Tremcar, too, says it lost millions in contracts because of a lack of welders.

“We put billboards along highways to advertise we were hiring, we went to the media, we even tried door-to-door polybagged flyers,” Dufresne says, to highlight all the efforts the company went through to attract a local workforce before it turned to foreign workers from Tunisia.

That doesn’t mean that Tremcar gave up on Canadian welders. In fact, it’s actually training some in the “plant/training center” it established in partnership with a local school board. People are paid to learn during their internship and about 20 a year become official Tremcar welders. Some are current employees who want to climb the career ladder.

BWS followed a similar path when it set up a co-op program with its local school board. “There are students that come to BWS every semester to perform a work term or co-op program that gives them a chance to become familiar with the industry and the opportunities that are in the industry. We have a lot of employees today that came from that co-op program,” Saunders says.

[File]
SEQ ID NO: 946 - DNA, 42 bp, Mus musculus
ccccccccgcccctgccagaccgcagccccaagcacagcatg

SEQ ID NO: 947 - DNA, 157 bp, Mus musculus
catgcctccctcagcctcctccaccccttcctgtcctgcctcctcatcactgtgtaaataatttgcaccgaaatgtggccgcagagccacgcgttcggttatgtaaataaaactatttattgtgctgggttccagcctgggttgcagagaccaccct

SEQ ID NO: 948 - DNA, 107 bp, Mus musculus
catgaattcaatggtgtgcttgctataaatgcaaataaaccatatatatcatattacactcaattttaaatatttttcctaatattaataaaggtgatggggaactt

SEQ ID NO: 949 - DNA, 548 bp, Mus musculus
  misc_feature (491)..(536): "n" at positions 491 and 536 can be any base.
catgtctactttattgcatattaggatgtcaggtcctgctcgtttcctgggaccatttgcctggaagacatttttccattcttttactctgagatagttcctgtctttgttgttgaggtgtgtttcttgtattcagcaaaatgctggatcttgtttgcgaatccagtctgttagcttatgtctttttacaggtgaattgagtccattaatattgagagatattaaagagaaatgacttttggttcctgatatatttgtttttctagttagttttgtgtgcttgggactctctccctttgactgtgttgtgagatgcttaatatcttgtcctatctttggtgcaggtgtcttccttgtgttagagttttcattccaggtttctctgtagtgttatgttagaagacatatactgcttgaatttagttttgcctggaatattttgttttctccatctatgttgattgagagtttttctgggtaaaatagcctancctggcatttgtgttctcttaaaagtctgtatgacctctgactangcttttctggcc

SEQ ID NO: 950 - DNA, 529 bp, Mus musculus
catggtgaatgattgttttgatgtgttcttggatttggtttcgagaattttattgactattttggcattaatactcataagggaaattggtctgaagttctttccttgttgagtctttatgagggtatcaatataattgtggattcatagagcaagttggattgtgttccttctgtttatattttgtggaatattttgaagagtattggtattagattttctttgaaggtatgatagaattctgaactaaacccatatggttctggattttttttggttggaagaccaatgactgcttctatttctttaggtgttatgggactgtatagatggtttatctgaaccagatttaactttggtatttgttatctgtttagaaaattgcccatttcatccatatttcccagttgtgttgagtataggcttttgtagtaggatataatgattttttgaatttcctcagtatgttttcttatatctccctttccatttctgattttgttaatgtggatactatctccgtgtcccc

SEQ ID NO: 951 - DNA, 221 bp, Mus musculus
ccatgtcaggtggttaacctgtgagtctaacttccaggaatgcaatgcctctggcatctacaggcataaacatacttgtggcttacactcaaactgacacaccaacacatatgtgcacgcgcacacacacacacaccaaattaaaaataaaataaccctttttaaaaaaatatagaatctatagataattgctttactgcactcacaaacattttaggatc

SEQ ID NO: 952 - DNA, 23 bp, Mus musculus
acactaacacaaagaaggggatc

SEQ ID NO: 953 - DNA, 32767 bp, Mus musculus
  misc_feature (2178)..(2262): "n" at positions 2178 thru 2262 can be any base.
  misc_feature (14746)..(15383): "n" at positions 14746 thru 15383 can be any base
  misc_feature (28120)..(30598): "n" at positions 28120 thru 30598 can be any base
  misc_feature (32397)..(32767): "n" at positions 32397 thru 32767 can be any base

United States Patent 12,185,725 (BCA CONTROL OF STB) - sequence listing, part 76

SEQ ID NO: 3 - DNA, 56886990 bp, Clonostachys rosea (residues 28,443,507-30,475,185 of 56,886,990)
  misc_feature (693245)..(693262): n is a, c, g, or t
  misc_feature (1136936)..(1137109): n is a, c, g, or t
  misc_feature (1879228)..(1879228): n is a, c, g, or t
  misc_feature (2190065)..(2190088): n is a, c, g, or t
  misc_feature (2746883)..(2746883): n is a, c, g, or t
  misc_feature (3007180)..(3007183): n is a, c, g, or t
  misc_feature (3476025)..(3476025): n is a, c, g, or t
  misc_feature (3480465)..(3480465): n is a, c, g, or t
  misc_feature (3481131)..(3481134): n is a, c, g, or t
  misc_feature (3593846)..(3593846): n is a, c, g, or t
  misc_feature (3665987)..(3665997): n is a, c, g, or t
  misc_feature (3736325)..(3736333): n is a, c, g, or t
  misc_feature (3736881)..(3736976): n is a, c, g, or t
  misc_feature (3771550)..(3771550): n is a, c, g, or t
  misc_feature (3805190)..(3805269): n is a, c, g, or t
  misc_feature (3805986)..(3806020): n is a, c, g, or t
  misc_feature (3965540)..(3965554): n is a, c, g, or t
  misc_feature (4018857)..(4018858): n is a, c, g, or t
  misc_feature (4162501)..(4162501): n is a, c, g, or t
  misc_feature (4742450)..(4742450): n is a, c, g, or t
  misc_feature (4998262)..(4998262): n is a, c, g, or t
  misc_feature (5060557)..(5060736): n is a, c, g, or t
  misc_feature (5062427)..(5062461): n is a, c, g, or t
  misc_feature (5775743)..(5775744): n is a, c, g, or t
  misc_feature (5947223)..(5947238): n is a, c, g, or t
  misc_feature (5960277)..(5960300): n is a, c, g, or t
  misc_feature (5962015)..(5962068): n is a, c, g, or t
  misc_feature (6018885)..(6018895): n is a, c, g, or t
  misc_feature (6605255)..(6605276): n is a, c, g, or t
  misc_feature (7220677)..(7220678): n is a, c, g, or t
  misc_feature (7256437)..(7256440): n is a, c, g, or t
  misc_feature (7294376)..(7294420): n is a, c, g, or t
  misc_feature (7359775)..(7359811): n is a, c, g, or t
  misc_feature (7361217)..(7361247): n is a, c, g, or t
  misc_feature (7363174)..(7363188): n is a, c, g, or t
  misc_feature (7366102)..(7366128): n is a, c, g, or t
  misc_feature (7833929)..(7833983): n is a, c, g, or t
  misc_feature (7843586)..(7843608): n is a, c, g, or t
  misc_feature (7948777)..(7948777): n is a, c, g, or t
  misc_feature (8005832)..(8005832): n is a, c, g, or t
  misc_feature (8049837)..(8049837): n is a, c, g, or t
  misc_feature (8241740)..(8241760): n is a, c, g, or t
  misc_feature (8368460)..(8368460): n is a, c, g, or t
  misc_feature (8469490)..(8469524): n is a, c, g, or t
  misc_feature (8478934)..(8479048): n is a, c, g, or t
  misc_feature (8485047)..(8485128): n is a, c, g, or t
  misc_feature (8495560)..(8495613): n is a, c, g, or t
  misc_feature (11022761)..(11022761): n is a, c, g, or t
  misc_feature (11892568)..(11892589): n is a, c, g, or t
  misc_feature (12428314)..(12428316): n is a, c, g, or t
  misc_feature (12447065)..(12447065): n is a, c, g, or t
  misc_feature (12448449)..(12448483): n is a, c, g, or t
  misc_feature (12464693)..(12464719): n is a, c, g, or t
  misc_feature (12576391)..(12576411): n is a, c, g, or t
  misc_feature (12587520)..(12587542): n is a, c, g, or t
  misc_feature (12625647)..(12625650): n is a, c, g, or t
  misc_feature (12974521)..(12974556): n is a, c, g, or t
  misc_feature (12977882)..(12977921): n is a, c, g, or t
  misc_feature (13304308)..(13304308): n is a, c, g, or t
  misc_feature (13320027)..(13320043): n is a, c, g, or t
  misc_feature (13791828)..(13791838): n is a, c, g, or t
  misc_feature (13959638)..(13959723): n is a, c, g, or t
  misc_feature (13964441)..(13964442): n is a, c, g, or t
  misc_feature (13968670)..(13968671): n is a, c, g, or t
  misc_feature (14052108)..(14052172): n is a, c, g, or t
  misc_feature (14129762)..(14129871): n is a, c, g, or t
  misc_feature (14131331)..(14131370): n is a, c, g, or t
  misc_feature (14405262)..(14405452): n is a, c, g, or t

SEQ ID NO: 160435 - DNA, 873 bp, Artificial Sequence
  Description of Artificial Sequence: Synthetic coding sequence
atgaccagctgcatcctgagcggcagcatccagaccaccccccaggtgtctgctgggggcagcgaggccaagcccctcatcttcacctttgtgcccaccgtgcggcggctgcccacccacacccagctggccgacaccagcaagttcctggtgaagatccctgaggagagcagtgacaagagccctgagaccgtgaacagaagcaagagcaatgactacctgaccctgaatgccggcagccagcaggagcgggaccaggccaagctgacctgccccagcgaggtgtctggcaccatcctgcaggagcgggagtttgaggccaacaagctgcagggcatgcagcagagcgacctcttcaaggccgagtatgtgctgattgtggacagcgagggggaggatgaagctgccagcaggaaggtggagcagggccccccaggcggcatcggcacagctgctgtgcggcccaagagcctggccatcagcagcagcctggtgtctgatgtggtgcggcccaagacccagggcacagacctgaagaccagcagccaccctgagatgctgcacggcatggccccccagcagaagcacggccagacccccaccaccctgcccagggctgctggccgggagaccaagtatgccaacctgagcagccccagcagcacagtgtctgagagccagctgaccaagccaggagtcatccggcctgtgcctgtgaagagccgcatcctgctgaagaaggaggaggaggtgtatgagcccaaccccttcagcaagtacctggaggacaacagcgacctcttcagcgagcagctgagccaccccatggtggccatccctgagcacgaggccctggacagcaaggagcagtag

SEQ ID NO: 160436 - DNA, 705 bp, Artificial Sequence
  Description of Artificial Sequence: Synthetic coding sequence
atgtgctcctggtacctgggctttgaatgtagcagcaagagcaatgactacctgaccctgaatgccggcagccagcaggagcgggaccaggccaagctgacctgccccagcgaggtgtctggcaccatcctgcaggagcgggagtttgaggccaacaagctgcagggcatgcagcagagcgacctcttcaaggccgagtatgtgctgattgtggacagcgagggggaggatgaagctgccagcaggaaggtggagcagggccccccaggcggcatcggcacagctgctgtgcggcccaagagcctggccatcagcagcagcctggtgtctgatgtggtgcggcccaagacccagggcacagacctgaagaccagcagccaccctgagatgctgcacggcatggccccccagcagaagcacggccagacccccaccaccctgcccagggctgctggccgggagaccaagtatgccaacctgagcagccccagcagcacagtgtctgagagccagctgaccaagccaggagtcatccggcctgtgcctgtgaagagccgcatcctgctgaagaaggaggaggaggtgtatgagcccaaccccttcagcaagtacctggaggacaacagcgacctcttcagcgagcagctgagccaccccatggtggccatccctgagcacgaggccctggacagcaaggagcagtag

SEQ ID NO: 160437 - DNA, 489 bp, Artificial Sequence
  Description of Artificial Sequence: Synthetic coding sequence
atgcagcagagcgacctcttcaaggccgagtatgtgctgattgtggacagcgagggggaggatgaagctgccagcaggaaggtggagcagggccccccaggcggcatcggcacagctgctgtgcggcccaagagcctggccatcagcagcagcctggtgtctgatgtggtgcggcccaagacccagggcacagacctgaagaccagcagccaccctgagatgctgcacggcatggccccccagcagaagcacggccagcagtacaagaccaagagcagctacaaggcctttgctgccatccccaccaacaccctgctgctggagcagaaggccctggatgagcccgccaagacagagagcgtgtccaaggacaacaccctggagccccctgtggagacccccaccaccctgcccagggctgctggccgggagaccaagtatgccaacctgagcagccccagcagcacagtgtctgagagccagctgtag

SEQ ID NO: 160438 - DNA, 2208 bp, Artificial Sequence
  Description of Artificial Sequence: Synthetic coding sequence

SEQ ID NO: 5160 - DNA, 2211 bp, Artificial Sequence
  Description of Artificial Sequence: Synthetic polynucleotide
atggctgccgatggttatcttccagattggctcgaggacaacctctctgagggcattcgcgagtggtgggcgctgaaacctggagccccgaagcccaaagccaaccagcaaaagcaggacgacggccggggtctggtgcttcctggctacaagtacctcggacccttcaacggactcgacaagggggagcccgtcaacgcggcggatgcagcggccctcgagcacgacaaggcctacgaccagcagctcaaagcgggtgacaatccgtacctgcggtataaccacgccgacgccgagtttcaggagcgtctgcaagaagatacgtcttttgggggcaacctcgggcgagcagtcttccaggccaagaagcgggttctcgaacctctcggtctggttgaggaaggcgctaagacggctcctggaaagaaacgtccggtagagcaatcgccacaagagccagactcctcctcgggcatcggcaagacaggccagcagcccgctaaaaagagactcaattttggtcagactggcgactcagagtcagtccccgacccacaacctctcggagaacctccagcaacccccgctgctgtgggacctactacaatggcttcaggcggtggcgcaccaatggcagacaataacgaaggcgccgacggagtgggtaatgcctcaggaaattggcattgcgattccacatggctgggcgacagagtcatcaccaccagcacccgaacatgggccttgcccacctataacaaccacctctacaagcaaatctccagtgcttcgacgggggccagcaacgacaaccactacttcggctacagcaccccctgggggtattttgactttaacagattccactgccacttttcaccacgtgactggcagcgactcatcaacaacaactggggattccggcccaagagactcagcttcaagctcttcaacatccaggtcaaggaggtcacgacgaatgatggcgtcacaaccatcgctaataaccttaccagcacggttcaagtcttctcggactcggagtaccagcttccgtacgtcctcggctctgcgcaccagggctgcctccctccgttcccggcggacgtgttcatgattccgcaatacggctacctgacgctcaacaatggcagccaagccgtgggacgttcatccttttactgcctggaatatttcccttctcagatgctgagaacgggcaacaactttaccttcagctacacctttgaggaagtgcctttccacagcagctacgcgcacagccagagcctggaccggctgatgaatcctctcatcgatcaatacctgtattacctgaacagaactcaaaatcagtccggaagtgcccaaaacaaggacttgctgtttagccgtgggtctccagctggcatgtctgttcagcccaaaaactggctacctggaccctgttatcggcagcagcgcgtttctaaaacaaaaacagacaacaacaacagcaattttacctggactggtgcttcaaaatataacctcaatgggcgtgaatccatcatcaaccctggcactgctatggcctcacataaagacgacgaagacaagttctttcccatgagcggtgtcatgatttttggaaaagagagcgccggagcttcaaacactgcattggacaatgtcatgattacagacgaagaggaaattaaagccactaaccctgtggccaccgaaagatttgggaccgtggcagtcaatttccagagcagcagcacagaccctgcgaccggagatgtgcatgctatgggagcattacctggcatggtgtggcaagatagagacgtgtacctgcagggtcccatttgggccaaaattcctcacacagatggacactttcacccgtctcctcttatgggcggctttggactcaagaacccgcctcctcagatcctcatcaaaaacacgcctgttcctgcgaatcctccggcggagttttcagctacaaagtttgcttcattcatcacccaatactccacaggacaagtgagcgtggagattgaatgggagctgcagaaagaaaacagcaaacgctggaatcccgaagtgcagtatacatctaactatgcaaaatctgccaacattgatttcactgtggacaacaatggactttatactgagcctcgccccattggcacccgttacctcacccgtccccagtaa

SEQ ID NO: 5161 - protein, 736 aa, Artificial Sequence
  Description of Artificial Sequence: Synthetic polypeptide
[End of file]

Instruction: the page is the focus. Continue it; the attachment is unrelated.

“By the time they’re done with that welding program at the school and through BWS, they become CWB (Canadian Welding Bureau)-certified, so they have the capability to graduate with a certification that every local welding company in the area requires,” Saunders adds.

Foreign workers and domestic students

Commendable as they are, such local efforts have proven insufficient to answer demand and Tremcar has decided to invest over half a million dollars in a facility in Tunisia where workers are trained to Canadian tank trailer manufacturing standards until they get their visa and work permit to come to work in one of Tremcar’s Canadian plants.

Tremcar picked Tunisia after it was invited to be part of an international mission organized there by a regional economic development office. Tunisia’s French colony heritage also mitigated the language barrier. Communication is crucial in a precision trade where blueprints are complex and every detail matters.